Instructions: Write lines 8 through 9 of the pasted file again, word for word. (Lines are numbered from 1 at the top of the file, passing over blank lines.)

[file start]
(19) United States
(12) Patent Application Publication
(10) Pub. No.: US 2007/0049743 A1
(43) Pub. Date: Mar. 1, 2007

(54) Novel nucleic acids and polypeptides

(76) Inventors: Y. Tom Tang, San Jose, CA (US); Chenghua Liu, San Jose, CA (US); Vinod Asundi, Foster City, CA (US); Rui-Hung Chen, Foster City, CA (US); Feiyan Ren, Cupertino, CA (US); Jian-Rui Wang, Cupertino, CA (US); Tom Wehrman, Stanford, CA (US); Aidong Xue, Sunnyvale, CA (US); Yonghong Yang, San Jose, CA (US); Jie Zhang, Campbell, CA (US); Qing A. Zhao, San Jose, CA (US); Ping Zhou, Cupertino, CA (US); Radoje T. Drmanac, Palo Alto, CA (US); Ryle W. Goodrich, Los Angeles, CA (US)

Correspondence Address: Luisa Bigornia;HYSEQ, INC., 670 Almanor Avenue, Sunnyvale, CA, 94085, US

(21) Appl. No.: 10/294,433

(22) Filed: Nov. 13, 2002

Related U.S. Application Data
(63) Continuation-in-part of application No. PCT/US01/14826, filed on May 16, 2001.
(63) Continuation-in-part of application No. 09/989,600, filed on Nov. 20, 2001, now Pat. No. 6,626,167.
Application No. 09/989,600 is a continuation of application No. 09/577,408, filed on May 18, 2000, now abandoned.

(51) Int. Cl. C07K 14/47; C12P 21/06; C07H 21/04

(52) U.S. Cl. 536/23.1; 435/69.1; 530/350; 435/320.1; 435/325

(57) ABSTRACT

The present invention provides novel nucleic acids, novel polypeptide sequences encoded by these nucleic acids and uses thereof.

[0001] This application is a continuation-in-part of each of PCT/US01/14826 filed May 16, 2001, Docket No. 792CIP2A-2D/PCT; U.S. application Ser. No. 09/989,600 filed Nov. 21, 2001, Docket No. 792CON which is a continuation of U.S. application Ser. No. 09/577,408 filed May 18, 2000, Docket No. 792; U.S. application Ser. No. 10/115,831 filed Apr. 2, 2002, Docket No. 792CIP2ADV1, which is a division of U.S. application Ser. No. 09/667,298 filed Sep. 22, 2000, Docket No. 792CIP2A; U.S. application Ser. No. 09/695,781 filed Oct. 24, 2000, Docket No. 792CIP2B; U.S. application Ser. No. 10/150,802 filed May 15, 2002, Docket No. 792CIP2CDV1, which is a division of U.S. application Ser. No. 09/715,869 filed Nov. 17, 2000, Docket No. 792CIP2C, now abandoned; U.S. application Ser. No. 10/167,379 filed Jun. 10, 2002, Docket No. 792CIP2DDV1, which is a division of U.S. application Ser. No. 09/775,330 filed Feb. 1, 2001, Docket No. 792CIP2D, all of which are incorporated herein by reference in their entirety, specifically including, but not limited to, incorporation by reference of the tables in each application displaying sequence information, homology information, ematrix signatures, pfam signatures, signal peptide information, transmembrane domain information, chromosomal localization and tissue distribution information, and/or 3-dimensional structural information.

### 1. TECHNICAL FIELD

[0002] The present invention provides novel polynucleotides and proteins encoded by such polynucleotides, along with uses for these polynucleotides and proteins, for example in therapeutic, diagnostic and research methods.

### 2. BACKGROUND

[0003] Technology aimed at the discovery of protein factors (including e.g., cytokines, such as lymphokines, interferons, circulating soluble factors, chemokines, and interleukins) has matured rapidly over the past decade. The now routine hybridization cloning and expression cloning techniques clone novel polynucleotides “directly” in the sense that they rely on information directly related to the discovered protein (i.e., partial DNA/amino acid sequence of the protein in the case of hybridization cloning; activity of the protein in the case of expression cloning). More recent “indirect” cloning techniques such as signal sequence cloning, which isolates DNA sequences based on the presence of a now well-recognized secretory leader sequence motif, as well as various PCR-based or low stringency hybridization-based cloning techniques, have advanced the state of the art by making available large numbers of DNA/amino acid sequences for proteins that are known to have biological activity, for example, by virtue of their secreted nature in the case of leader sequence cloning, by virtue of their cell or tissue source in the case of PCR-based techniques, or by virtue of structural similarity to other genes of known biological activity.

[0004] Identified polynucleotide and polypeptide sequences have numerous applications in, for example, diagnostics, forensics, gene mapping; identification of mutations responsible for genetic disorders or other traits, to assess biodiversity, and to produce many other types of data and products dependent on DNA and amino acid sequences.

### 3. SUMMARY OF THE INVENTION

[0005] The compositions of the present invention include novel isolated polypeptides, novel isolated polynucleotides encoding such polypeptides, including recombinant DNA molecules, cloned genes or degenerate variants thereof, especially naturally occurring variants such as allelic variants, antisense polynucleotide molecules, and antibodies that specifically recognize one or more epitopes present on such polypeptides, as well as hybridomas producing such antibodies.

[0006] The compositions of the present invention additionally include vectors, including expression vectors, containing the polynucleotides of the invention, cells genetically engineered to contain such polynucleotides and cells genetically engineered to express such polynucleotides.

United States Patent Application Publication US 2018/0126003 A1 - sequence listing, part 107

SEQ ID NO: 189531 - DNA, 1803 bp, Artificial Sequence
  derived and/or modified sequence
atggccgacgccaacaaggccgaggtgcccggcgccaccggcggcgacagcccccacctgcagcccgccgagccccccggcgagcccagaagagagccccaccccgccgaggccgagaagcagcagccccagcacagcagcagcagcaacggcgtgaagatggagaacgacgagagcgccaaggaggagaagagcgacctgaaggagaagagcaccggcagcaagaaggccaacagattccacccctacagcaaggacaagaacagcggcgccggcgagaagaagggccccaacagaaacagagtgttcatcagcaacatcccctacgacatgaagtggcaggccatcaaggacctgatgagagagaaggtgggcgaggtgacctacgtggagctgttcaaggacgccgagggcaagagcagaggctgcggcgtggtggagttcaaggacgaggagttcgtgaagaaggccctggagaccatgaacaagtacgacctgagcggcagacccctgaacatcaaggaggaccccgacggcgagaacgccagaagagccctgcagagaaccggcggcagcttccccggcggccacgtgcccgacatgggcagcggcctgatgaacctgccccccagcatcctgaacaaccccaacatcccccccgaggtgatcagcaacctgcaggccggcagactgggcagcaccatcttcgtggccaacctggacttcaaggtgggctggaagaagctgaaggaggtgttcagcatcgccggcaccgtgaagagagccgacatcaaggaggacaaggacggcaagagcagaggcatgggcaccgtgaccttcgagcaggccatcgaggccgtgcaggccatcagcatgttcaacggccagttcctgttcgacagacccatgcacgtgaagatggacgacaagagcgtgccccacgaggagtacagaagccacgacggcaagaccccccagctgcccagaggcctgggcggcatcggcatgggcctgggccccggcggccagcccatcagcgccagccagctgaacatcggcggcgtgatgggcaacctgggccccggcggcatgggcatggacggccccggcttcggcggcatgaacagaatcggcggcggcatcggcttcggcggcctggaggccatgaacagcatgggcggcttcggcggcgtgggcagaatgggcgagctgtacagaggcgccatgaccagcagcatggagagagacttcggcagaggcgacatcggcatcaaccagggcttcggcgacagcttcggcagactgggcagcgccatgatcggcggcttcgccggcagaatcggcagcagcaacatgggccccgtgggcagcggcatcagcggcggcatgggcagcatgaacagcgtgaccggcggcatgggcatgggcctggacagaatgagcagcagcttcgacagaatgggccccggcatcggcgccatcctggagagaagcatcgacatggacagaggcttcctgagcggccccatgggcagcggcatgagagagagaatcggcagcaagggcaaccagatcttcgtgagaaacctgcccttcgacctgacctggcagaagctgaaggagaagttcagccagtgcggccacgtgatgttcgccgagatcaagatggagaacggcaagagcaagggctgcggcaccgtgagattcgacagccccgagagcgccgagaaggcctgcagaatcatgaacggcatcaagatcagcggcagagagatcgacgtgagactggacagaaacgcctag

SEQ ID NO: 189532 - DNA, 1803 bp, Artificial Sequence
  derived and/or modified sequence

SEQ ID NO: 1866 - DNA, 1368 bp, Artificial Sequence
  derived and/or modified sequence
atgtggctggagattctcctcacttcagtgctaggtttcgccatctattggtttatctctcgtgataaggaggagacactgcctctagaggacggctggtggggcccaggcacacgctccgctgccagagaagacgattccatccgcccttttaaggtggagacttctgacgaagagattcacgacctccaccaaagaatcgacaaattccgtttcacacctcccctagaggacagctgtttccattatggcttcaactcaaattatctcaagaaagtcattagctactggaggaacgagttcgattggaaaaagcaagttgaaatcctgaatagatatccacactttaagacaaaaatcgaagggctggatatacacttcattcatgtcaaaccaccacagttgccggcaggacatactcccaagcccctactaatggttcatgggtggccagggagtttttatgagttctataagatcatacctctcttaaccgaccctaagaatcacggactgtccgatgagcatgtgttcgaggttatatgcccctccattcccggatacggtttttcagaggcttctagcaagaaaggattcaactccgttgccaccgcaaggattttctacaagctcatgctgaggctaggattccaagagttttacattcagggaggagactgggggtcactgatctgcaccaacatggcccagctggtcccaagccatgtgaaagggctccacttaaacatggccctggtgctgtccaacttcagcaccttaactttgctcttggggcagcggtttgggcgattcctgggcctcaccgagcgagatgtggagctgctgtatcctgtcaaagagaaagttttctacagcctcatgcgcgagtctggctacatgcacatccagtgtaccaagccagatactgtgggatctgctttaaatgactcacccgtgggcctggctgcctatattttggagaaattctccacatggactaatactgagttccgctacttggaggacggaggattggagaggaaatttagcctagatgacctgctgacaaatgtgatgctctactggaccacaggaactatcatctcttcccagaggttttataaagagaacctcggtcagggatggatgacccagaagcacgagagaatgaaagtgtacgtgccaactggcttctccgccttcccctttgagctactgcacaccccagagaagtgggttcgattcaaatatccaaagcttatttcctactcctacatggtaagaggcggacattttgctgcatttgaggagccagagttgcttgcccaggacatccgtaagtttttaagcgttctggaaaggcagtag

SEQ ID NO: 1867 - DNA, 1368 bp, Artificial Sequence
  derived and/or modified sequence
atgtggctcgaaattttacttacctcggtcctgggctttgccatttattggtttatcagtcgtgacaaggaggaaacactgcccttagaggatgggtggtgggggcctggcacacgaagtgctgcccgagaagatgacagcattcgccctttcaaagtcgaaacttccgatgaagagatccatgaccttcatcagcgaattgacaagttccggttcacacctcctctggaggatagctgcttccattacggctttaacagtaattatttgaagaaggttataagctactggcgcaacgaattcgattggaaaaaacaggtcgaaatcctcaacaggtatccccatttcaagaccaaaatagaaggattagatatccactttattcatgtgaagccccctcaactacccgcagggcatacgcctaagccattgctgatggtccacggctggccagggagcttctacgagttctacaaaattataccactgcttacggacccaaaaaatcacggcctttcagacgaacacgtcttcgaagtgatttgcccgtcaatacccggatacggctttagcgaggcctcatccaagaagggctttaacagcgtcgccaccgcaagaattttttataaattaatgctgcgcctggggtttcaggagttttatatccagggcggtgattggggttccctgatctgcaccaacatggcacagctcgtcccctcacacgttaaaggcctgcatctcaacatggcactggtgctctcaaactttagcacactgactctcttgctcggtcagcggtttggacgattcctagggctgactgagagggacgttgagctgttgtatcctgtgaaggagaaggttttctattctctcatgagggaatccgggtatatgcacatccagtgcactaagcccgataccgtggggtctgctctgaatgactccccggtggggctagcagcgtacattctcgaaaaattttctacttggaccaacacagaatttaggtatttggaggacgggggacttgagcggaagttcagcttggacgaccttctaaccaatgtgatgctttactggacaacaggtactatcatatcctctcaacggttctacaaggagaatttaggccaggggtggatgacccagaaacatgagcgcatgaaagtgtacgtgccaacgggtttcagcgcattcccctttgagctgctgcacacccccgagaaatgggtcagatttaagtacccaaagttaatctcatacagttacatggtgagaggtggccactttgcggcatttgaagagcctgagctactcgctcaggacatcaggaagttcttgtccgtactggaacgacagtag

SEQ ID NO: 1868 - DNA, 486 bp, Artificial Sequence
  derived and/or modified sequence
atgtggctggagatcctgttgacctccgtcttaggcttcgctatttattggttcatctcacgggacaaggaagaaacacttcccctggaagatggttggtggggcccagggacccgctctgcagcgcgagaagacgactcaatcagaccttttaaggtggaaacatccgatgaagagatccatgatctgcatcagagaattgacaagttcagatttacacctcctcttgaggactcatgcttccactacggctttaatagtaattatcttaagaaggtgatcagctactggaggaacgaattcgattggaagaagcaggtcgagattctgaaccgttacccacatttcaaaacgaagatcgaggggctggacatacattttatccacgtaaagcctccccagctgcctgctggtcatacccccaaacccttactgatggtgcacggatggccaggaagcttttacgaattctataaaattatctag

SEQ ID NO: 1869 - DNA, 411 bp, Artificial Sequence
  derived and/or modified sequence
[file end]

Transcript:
(21) Appl. No.: 10/294,433

(22) Filed: Nov. 13, 2002